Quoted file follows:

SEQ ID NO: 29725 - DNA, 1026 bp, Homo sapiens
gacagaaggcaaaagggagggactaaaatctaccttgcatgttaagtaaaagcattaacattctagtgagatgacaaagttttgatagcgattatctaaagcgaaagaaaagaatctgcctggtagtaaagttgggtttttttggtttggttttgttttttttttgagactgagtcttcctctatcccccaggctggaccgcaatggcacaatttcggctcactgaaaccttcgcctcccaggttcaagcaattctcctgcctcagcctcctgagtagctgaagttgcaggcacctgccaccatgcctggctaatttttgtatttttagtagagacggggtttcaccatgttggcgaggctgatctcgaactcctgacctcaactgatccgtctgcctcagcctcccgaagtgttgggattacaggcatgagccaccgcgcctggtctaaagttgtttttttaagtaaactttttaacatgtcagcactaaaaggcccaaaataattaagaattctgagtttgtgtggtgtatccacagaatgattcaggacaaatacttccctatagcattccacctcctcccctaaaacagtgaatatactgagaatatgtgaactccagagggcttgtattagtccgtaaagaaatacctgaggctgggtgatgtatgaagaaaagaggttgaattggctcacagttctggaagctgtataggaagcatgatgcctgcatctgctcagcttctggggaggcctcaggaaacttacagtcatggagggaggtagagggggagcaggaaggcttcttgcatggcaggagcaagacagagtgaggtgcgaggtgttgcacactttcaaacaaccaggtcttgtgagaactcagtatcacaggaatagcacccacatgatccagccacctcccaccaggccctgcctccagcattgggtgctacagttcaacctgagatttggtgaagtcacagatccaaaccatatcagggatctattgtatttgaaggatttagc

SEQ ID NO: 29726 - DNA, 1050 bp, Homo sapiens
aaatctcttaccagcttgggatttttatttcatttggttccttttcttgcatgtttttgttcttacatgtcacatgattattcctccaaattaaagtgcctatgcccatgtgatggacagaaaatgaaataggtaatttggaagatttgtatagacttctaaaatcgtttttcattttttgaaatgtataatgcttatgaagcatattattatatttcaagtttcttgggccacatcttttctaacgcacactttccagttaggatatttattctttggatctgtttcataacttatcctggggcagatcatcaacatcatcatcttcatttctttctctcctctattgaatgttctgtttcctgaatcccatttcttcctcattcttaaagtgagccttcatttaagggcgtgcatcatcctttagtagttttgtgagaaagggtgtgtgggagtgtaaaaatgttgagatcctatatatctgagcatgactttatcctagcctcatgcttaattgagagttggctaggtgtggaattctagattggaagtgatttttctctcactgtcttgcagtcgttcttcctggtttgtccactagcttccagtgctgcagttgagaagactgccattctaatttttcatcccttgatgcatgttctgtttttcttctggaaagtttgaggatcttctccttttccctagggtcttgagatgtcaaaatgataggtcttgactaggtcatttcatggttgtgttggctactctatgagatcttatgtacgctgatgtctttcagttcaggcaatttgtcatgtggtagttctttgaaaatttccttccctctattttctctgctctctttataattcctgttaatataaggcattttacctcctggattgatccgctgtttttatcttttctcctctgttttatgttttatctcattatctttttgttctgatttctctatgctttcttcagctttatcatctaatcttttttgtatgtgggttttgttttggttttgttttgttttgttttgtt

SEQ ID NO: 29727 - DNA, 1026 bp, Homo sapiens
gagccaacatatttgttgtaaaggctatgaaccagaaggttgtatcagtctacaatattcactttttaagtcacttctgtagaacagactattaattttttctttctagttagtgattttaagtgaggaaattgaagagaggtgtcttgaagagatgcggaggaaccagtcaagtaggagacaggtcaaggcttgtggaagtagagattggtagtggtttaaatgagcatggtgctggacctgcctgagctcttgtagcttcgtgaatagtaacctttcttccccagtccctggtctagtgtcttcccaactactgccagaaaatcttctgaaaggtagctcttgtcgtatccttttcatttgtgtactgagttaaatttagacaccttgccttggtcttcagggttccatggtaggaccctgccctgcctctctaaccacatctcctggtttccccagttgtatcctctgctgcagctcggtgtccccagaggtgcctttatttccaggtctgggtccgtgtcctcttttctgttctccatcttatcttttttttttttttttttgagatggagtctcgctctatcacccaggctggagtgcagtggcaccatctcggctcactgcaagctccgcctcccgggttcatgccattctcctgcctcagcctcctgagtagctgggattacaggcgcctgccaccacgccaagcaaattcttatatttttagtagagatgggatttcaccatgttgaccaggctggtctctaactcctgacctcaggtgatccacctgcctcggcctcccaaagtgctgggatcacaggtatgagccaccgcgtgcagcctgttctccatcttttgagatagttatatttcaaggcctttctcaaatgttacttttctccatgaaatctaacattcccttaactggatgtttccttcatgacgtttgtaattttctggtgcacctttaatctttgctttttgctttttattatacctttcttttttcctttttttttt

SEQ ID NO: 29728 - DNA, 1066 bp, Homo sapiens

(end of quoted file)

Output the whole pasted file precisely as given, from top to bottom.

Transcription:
SEQ ID NO: 29725 - DNA, 1026 bp, Homo sapiens
gacagaaggcaaaagggagggactaaaatctaccttgcatgttaagtaaaagcattaacattctagtgagatgacaaagttttgatagcgattatctaaagcgaaagaaaagaatctgcctggtagtaaagttgggtttttttggtttggttttgttttttttttgagactgagtcttcctctatcccccaggctggaccgcaatggcacaatttcggctcactgaaaccttcgcctcccaggttcaagcaattctcctgcctcagcctcctgagtagctgaagttgcaggcacctgccaccatgcctggctaatttttgtatttttagtagagacggggtttcaccatgttggcgaggctgatctcgaactcctgacctcaactgatccgtctgcctcagcctcccgaagtgttgggattacaggcatgagccaccgcgcctggtctaaagttgtttttttaagtaaactttttaacatgtcagcactaaaaggcccaaaataattaagaattctgagtttgtgtggtgtatccacagaatgattcaggacaaatacttccctatagcattccacctcctcccctaaaacagtgaatatactgagaatatgtgaactccagagggcttgtattagtccgtaaagaaatacctgaggctgggtgatgtatgaagaaaagaggttgaattggctcacagttctggaagctgtataggaagcatgatgcctgcatctgctcagcttctggggaggcctcaggaaacttacagtcatggagggaggtagagggggagcaggaaggcttcttgcatggcaggagcaagacagagtgaggtgcgaggtgttgcacactttcaaacaaccaggtcttgtgagaactcagtatcacaggaatagcacccacatgatccagccacctcccaccaggccctgcctccagcattgggtgctacagttcaacctgagatttggtgaagtcacagatccaaaccatatcagggatctattgtatttgaaggatttagc

SEQ ID NO: 29726 - DNA, 1050 bp, Homo sapiens
aaatctcttaccagcttgggatttttatttcatttggttccttttcttgcatgtttttgttcttacatgtcacatgattattcctccaaattaaagtgcctatgcccatgtgatggacagaaaatgaaataggtaatttggaagatttgtatagacttctaaaatcgtttttcattttttgaaatgtataatgcttatgaagcatattattatatttcaagtttcttgggccacatcttttctaacgcacactttccagttaggatatttattctttggatctgtttcataacttatcctggggcagatcatcaacatcatcatcttcatttctttctctcctctattgaatgttctgtttcctgaatcccatttcttcctcattcttaaagtgagccttcatttaagggcgtgcatcatcctttagtagttttgtgagaaagggtgtgtgggagtgtaaaaatgttgagatcctatatatctgagcatgactttatcctagcctcatgcttaattgagagttggctaggtgtggaattctagattggaagtgatttttctctcactgtcttgcagtcgttcttcctggtttgtccactagcttccagtgctgcagttgagaagactgccattctaatttttcatcccttgatgcatgttctgtttttcttctggaaagtttgaggatcttctccttttccctagggtcttgagatgtcaaaatgataggtcttgactaggtcatttcatggttgtgttggctactctatgagatcttatgtacgctgatgtctttcagttcaggcaatttgtcatgtggtagttctttgaaaatttccttccctctattttctctgctctctttataattcctgttaatataaggcattttacctcctggattgatccgctgtttttatcttttctcctctgttttatgttttatctcattatctttttgttctgatttctctatgctttcttcagctttatcatctaatcttttttgtatgtgggttttgttttggttttgttttgttttgttttgtt

SEQ ID NO: 29727 - DNA, 1026 bp, Homo sapiens
gagccaacatatttgttgtaaaggctatgaaccagaaggttgtatcagtctacaatattcactttttaagtcacttctgtagaacagactattaattttttctttctagttagtgattttaagtgaggaaattgaagagaggtgtcttgaagagatgcggaggaaccagtcaagtaggagacaggtcaaggcttgtggaagtagagattggtagtggtttaaatgagcatggtgctggacctgcctgagctcttgtagcttcgtgaatagtaacctttcttccccagtccctggtctagtgtcttcccaactactgccagaaaatcttctgaaaggtagctcttgtcgtatccttttcatttgtgtactgagttaaatttagacaccttgccttggtcttcagggttccatggtaggaccctgccctgcctctctaaccacatctcctggtttccccagttgtatcctctgctgcagctcggtgtccccagaggtgcctttatttccaggtctgggtccgtgtcctcttttctgttctccatcttatcttttttttttttttttttgagatggagtctcgctctatcacccaggctggagtgcagtggcaccatctcggctcactgcaagctccgcctcccgggttcatgccattctcctgcctcagcctcctgagtagctgggattacaggcgcctgccaccacgccaagcaaattcttatatttttagtagagatgggatttcaccatgttgaccaggctggtctctaactcctgacctcaggtgatccacctgcctcggcctcccaaagtgctgggatcacaggtatgagccaccgcgtgcagcctgttctccatcttttgagatagttatatttcaaggcctttctcaaatgttacttttctccatgaaatctaacattcccttaactggatgtttccttcatgacgtttgtaattttctggtgcacctttaatctttgctttttgctttttattatacctttcttttttcctttttttttt

SEQ ID NO: 29728 - DNA, 1066 bp, Homo sapiens